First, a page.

Is Value Added Tax a Very Complicated Sales Tax?

Timur Feinstein
February 18, 2016

Sometimes it’s good to go back to basics. Want to learn more about value added tax (VAT)? You are not alone. Since most of Europe and around the world uses a VAT system, here is a good overview about how it works and how it is similar, but different, to sales tax in the United States.

There is a bit of mystery surrounding VAT among sales and use tax professionals in the United States. Both VAT and sales tax are indirect transactional taxes and yet they are vastly different. One of key differences between sales tax in the US and VAT in the European Union countries is that sales tax in general applies only on sale to the final consumer while VAT applies on every stage of supply, including wholesale transactions. Yet, from the view of who ultimately bears the financial burden of tax, sales tax and VAT are often a different way to get to the same answer. This blog will explore the differences (and similarities) between the VAT and sales tax worlds as it applies to this important feature.

How Do Sales Tax and Sale for Resale Work?

In a sales tax system, only the final consumer pays the tax. This means that for a sale of taxable goods, a retailer collects tax from the final consumer and remits it to the tax authorities. If the retailer bought the goods from another party, let’s say a distributor, the retailer does not pay sales or use tax on its purchase, because it is purchasing goods for resale. The same is true for the distributor’s purchase from the wholesaler, and so on through the supply chain.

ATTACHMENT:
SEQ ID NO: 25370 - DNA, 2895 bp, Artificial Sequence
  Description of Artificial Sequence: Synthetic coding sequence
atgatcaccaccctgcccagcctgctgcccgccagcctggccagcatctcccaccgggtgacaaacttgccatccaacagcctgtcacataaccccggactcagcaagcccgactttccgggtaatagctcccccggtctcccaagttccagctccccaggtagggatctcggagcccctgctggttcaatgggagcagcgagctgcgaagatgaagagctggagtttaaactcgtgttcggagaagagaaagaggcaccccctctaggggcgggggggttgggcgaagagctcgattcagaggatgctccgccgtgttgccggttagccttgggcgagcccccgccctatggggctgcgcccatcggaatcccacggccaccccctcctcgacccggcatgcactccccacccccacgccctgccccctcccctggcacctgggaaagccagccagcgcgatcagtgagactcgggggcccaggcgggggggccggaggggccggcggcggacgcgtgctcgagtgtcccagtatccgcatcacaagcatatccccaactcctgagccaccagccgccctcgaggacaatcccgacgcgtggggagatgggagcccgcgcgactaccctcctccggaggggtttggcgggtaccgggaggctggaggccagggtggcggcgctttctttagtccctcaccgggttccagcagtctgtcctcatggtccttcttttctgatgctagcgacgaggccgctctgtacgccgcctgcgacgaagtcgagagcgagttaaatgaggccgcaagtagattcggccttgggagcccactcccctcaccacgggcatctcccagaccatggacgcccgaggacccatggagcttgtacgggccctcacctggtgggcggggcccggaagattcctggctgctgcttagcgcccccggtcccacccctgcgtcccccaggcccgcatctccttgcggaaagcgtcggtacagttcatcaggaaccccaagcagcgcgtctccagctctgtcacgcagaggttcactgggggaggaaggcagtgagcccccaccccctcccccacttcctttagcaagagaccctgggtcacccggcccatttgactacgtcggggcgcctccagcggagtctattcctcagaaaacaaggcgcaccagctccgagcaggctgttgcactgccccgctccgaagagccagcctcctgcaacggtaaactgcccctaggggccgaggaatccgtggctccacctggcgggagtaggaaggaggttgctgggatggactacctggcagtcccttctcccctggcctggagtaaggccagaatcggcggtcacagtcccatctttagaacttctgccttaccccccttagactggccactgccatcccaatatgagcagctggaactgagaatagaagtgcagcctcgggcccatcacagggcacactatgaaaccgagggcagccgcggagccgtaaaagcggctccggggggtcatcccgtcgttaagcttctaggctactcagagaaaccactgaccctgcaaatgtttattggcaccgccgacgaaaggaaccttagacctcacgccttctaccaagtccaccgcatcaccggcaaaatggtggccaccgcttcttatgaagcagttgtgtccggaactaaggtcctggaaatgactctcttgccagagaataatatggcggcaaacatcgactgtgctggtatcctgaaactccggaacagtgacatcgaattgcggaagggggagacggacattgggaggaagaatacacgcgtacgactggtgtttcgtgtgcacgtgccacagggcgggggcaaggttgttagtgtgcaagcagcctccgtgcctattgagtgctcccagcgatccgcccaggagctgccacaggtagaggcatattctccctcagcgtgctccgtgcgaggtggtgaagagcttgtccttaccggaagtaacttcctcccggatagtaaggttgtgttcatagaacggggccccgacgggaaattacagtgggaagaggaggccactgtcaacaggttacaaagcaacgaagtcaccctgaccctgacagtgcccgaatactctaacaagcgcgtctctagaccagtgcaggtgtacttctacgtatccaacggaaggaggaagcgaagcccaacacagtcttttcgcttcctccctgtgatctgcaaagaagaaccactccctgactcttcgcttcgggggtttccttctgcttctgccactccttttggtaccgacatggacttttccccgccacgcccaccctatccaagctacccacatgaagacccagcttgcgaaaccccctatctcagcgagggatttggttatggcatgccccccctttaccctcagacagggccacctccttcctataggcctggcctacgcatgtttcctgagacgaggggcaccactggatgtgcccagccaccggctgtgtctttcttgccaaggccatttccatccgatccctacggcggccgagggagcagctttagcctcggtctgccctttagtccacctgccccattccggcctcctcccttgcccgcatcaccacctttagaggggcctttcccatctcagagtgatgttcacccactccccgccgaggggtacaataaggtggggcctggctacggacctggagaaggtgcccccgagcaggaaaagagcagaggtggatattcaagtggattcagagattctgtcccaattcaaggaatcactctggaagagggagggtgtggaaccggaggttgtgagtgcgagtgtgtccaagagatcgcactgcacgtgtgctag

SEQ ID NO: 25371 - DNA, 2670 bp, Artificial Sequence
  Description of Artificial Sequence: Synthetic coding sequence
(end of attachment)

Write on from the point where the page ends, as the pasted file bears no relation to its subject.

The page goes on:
There is some variation as to how different states apply this principle. In some states, in order to make an exempt sale for resale, the business must receive a resale certificate or similar documentation from its purchaser. In some states, manufacturers can purchase raw materials they will use in creating goods and some states they cannot. In Hawaii, there is a wholesale rate of 0.5% that applies to resale transactions. On the US mainland, however, such purchases are exempt.

Despite these variations though, generally the ultimate financial burden of taxation falls only on the final consumer. If sales tax is administered as intended, everyone else in the chain will purchase goods exempt when the intention is to re-sell. The final consumer cannot purchase exempt for resale and, in absence of entity or use type of exemption, will pay full sales tax on its taxable purchase.

Who Gets Charged VAT and How Do Input Credits Work?

In a VAT system, every party in the supply chain pays the tax. However, every taxable person, i.e. VAT-registered business in the chain, can also generally apply a deduction of VAT paid on its purchase. For example, if a supplier purchases taxable goods for EUR 100 and later resells the goods for EUR 200, the supplier pays VAT on its purchase, collects VAT on its sale, and generally remits to the tax authorities the VAT it collected less the VAT it paid. The deduction of VAT previously paid is known an input credit.

If administered as intended, suppliers do not incur the cost of VAT because they receive an input credit for purchases. The final consumers (i.e. non-taxable persons) incur the full cost of VAT because they are not eligible to take an input credit.

VAT vs. Sales Tax: The Same Ultimate Result, But Very Different Administration

From the perspective of who ultimately bears the financial burden of tax, VAT often functions as a complicated sales tax. After all the input credits have been applied by the businesses, VAT is only truly collected from the final consumer. Thus, an input credit and an exemption for resale serve the same function: the tax is designed to be on the final consumer and not on the business. Of course, the practical application and administration of this principle is a very different story.

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Author

Timur Feinstein

Timur is the Director – Regulatory Analysis & Design at Sovos. Timur uses his eleven-plus years of experience to lead a team of tax professionals focusing on VAT determination and reporting. An attorney by trade, Timur is a member of both the Massachusetts and New York Bars. He holds a B.S. in Finance from Bentley University and a J.D. from Boston University School of Law. Timur is fluent in Russian.
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